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Syracuse Small Business Public

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This was a presentation given on Feb 19th to the Syracuse Chamber of Commerce

This was a presentation given on Feb 19th to the Syracuse Chamber of Commerce

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Syracuse Small Business Public Syracuse Small Business Public Presentation Transcript

  • A brief look at Web 2.0 How social networking is taking the Internet local. Or, Localize the Groundswell. 2009
  • Sharemarketing.wordpress.com (my blog)
  • My Employer
  • The promise of the Internet
    • Before the internet, marketing was based on the physics of geography.
    • In the same way we dated people, ads were based on geography. We bought local media properties because that’s where the customers were.
  • The promise of the Internet
  • Web 1.0 – a little history
    • When it all began, the web was information-based. People went to websites for information (and many of us put up online brochures)
    • Brands offered information. Some enterprising types offered a place to buy product; remember click’s and mortar?
  • Web 1.0
    • Places like the New York Times delivered content. We sent e-mail jokes.
    • It was a monologue approach to a dialogue medium.
  • Web 1.0
    • As said, websites were bastions of information (about us, company history, team, timelines, advisory board, kid’s names, birthdays).
    • Internet space is infinite, so why not fill it?
    • If I’m Joe’s Pizza, the bigger I make my website, the bigger I seem…
    • Lets put the whole catalog up there!
    • And let people interact.
  • Web 1.0
    • So we asked for dialogue.
  • And the bubble bursts
  • This is Web 2.0
    • The difference
    • Instead of a website (updated by someone you pay)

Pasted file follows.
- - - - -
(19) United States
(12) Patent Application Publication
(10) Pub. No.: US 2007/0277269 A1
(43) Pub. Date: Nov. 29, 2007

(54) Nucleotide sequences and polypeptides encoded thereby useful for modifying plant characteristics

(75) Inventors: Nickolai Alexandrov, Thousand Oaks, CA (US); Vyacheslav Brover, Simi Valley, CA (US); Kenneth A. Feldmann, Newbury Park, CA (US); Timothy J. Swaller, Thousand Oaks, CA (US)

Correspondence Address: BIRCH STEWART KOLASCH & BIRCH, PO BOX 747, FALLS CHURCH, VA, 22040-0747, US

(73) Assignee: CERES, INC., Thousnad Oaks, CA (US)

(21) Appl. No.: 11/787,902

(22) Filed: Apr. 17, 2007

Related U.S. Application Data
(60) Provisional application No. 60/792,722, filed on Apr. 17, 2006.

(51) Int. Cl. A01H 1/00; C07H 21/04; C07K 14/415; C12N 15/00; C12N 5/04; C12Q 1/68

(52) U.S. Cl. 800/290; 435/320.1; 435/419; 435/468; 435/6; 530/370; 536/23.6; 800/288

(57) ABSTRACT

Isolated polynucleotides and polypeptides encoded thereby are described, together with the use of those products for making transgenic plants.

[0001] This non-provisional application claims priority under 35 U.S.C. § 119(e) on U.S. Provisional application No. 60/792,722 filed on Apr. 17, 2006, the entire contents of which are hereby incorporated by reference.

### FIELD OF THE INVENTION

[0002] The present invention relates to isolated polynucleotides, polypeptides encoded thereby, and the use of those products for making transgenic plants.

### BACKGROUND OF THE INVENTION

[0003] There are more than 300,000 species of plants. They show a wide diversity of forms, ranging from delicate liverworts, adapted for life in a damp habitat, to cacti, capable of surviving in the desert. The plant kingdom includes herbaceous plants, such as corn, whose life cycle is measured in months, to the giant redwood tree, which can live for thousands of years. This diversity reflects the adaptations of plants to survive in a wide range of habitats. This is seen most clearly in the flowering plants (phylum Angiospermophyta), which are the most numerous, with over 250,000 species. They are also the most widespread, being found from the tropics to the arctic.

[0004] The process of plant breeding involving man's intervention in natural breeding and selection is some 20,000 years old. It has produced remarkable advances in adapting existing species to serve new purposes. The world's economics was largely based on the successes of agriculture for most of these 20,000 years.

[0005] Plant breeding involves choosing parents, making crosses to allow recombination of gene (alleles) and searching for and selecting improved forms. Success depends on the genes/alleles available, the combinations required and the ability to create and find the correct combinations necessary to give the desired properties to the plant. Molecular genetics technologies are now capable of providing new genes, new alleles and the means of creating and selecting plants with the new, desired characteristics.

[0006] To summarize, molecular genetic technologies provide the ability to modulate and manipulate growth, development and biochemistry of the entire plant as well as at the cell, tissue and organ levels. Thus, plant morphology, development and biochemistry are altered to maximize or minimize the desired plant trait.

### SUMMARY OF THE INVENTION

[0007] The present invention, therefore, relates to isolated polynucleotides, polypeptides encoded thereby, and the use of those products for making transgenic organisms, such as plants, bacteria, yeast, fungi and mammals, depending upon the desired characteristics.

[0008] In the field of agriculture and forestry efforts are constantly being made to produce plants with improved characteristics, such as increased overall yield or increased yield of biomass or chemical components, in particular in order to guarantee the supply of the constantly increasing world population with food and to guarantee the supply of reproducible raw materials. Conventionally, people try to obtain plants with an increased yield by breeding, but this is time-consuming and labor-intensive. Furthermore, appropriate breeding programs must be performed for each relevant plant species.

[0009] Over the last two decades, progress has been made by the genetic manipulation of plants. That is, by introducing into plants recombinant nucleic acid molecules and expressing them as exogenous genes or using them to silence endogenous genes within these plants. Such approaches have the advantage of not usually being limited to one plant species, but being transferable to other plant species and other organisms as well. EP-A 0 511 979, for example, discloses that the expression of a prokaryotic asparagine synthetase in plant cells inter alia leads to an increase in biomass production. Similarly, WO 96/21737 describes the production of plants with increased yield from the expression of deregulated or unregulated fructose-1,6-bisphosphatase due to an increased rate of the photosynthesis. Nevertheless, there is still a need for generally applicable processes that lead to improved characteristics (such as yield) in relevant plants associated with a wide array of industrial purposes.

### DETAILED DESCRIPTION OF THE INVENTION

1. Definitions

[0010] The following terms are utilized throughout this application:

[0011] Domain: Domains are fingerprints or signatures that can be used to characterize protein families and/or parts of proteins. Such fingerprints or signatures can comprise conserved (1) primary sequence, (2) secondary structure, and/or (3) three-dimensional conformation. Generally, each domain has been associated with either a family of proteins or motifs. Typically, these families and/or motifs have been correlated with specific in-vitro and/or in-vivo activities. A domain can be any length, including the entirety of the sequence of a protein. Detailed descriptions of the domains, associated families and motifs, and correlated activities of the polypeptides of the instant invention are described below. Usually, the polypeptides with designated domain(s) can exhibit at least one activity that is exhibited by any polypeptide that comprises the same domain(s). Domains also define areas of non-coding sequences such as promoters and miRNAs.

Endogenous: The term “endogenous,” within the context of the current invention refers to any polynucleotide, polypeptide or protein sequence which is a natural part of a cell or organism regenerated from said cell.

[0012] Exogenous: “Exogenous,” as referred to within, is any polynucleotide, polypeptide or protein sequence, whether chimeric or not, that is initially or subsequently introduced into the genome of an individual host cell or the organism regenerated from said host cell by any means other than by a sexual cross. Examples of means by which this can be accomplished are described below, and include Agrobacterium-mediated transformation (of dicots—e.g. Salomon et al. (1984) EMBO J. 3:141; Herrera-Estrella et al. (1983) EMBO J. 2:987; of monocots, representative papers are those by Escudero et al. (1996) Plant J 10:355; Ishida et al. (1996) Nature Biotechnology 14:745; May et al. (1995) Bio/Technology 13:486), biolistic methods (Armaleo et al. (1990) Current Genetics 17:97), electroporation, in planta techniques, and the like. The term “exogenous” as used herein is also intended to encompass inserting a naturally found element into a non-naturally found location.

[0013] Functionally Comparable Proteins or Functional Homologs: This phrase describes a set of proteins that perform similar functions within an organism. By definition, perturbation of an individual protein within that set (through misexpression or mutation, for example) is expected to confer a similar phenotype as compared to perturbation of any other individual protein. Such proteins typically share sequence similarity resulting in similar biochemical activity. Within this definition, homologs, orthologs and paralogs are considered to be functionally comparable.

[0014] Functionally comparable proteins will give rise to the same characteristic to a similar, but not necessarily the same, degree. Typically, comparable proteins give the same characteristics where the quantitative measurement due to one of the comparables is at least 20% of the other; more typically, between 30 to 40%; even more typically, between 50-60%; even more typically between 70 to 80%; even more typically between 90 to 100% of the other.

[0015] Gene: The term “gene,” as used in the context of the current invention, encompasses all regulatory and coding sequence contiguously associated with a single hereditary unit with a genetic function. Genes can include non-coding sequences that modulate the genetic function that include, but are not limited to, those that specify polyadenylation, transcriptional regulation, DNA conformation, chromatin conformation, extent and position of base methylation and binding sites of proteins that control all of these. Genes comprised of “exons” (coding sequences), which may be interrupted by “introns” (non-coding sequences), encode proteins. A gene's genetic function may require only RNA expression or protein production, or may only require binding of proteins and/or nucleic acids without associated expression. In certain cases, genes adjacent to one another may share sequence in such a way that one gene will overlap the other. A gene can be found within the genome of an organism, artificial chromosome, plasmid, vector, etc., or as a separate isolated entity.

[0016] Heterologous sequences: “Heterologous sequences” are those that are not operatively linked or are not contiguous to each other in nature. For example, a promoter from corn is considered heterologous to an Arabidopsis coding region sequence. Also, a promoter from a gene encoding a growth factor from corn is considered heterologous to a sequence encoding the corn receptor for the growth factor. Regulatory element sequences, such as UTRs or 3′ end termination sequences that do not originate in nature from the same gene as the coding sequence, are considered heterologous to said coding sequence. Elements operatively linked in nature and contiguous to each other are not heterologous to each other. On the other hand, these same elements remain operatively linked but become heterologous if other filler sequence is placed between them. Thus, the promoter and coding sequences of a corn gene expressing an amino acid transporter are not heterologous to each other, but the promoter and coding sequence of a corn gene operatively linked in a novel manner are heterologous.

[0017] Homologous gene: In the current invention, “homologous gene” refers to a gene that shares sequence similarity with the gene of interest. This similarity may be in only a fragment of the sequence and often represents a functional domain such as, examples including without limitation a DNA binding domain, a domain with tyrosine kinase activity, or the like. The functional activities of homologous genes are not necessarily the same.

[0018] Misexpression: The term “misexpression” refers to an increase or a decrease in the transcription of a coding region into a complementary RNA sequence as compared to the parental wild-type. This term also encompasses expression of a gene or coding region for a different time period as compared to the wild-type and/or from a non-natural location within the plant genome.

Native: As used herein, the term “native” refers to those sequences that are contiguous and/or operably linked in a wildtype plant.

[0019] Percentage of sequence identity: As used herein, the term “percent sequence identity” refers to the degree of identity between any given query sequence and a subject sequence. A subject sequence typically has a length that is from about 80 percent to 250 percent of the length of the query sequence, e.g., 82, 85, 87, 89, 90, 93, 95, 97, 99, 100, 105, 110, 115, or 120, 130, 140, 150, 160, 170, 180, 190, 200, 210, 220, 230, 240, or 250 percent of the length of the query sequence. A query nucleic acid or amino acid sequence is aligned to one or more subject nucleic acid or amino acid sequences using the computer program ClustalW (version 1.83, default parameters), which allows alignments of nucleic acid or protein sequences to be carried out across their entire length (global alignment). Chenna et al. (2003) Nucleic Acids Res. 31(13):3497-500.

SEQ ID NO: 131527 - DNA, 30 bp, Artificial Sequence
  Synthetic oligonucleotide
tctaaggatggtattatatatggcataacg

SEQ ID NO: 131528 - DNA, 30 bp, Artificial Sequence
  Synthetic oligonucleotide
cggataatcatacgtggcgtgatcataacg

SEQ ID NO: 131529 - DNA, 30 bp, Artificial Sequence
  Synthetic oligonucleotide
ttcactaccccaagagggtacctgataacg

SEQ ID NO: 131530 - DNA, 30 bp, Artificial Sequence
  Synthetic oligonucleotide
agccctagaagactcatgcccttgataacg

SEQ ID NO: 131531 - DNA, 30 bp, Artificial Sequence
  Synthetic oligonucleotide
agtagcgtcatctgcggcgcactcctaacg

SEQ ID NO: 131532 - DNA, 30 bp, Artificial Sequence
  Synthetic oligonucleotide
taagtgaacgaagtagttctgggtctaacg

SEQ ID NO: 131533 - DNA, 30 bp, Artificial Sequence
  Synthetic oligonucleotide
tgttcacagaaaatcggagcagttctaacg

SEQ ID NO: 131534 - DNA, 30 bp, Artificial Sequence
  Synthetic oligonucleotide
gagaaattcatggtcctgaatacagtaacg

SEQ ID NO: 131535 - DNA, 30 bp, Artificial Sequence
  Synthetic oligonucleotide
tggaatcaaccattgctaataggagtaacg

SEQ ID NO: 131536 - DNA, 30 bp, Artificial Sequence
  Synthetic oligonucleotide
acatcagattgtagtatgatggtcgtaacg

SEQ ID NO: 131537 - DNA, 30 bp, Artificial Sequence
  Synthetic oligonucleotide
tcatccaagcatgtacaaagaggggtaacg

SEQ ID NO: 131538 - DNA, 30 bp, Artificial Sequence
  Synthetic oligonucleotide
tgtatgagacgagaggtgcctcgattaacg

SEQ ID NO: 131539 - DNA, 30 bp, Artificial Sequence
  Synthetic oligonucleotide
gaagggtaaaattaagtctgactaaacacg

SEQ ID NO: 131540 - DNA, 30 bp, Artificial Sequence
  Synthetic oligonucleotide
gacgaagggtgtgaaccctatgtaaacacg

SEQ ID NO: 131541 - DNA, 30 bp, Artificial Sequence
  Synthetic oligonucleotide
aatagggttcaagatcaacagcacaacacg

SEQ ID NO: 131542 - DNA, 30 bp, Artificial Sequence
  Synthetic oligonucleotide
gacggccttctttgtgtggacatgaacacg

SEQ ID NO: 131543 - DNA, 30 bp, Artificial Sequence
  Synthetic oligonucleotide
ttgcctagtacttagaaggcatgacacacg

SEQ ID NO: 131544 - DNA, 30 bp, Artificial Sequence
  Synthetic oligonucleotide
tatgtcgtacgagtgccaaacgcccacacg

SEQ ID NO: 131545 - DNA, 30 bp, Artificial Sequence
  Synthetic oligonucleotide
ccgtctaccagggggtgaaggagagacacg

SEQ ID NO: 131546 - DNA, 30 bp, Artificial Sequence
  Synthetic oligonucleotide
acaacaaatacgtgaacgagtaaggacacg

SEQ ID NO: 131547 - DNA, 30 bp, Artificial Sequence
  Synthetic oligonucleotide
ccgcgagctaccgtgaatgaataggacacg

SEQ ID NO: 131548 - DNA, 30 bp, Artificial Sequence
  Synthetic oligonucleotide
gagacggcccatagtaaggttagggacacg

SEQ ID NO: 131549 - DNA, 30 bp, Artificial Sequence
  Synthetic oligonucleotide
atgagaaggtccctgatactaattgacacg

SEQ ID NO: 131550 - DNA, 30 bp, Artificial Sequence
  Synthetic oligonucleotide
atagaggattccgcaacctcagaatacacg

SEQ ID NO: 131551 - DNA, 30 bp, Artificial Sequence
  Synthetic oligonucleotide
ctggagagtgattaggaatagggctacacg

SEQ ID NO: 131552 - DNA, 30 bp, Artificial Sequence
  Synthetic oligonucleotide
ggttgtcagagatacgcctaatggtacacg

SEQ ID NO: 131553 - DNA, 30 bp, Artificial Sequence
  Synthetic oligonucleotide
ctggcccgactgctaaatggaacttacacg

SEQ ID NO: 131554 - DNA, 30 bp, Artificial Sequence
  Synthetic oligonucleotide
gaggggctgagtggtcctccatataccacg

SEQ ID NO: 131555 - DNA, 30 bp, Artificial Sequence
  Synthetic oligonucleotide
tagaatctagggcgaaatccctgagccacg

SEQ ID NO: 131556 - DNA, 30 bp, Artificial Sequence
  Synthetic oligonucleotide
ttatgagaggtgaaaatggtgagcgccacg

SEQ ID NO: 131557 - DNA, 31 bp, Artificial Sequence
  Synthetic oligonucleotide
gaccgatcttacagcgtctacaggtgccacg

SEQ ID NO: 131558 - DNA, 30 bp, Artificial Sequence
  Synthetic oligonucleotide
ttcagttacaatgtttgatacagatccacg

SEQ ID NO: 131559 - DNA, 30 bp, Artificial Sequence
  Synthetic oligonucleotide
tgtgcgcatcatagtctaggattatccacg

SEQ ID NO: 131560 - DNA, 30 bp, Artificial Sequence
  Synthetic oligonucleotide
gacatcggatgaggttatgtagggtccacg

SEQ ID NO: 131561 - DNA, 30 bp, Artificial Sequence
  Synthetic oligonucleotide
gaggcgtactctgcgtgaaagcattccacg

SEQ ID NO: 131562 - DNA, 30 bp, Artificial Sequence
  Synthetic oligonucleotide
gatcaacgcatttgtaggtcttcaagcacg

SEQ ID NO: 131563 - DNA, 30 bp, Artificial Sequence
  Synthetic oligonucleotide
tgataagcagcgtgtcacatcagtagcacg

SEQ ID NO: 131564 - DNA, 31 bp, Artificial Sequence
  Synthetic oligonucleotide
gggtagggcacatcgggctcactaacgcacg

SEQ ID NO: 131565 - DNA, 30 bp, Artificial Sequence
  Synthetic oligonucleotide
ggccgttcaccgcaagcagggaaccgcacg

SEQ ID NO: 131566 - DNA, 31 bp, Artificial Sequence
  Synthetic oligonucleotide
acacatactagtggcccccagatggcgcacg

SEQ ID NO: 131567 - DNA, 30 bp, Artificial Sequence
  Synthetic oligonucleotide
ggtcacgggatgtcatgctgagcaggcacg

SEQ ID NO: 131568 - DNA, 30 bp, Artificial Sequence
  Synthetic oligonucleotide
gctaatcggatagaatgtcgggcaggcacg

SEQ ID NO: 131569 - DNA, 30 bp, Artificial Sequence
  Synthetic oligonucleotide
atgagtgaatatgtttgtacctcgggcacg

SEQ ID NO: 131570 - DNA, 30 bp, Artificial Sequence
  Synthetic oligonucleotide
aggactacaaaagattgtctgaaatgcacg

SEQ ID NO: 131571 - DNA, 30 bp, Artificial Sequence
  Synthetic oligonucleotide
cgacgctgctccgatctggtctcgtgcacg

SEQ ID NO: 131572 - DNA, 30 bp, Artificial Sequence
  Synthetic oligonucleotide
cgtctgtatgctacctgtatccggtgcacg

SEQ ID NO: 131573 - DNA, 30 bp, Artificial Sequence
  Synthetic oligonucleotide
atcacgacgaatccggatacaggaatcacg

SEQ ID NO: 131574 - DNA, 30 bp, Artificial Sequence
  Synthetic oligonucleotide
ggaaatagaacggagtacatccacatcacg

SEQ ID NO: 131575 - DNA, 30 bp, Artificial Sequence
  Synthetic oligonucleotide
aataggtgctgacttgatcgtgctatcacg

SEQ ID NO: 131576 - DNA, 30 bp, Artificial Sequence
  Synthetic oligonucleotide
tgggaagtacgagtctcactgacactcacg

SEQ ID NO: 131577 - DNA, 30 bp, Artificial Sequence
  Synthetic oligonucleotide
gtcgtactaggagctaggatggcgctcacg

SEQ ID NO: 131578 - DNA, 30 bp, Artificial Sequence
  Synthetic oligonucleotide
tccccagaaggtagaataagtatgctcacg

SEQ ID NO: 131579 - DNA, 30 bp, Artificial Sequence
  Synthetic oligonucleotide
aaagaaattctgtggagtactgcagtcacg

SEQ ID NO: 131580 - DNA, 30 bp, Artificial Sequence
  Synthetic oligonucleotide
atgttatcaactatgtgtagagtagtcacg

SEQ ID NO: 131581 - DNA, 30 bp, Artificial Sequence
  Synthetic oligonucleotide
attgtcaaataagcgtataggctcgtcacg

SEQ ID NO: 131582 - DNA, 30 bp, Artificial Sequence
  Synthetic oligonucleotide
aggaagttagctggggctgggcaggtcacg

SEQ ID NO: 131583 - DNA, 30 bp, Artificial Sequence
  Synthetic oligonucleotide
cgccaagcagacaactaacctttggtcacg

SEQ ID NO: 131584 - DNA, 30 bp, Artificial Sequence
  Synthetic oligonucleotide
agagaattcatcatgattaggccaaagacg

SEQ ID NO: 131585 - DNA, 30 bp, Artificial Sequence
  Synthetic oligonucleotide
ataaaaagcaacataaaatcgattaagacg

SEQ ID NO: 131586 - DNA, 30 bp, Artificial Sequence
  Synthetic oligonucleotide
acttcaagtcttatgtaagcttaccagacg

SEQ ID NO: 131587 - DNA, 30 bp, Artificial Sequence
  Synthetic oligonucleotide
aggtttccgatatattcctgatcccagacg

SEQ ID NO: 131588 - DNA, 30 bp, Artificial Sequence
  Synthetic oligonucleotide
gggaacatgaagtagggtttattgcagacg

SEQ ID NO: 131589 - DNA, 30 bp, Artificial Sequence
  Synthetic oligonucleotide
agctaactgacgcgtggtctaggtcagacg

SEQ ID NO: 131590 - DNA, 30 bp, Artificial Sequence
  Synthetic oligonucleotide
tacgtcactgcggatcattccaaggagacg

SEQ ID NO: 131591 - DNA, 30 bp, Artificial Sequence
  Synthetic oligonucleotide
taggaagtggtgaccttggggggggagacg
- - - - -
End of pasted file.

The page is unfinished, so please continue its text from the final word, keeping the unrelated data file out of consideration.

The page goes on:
• You can have a digital presence, updated by your fans (and by you, to whatever level you wish to engage)
    • BTW, everything you’re about to see are things some of our clients pay us to do. It’s just a lot less than a website.
  • Web 2.0
    • Web 2.0 was coined by O’Reilly Media in the early 00’s.
    • Some important things happened.
    • Websites that were online brochures were pretty boring. Once people went, they rarely came back.
    • But websites that created a community encouraged people to return to it. Websites that encourage people to return are profitable. Google made it profitable to get eyeballs.
  • Web 2.0
    • Web 2.0 as a community. It isn’t a message to a consumer, it’s a consumer interaction.
    • And it’s not a fad.
    • “ Social Networking sites are officially more popular than porn sites”.*
    • 53% of all people online are members of a social network.
    Time. October 13, 2007
  • Web 2.0
    • Wikipedia has 4,000,000 articles.
    • YouTube has more than 1,000,000,000 videos.
    • There are perhaps as many as 200,000,000 blogs.
    • Facebook has 160,000,000 active users.
    • StumbleUpon, a site you might never have heard of, has 7,000,000 people.
  • Web 2.0
    • Again, so what?
    • Why should you care about all of these?
  • Social Networks
  • Why does Social Networking matter?
    • People trust the recommendations of other consumers more than they trust your ads.
    • They especially trust the people they have things in common with. ie, live in same neighborhood/city.
    • And they realize that they can use social media sites to get opinions, voice opinions, and get recommendations about your company.
    • With or without you.
  • What is a social network?
    • Before we look behind the logos, lets quickly see what’s different here.
  • TRADITIONAL MEDIA DIGITAL MEDIA One way, brand speaking Two way / a conversation Focused on the brand Focused on the consumer Brand in control Consumer in control Repeating the message Adapting the message Entertaining Involving Brand created content User created content / Co-creation Space defined by Media Owner Space defined by Consumer
  • Social Networks
  • #1 Facebook
    • Facebook is one of the best known social networks. I’ve stopped adding #’s to this presentation because every time I do it, they’ve doubled in size.
    • Facebook is a social network based on the premise of connecting people who already know people online.
    • It’s easy to connect to anyone in my geographical network (in my case, Buffalo). It’s hard to connect outside of my network.
    • Facebook offers a local advantage
  • Facebook
  • Facebook Page
    • Facebook offers brands a tool called Pages. Pages are a free presence on Facebook for people to engage with a brand.
    • Here are some examples:
  • Facebook Page
    • Facebook Pages
  • Facebook
    • The brilliance of Facebook for marketers is the concept of local. Neighborhood.
    • People will associate with local brands on Facebook because we’ll crafted brands say something about someone’s personality.
    • The local pub. The local store. If you think of a Facebook Fan as Your Best Customer , this is a forum to let your best customers tell their friends about how great you are.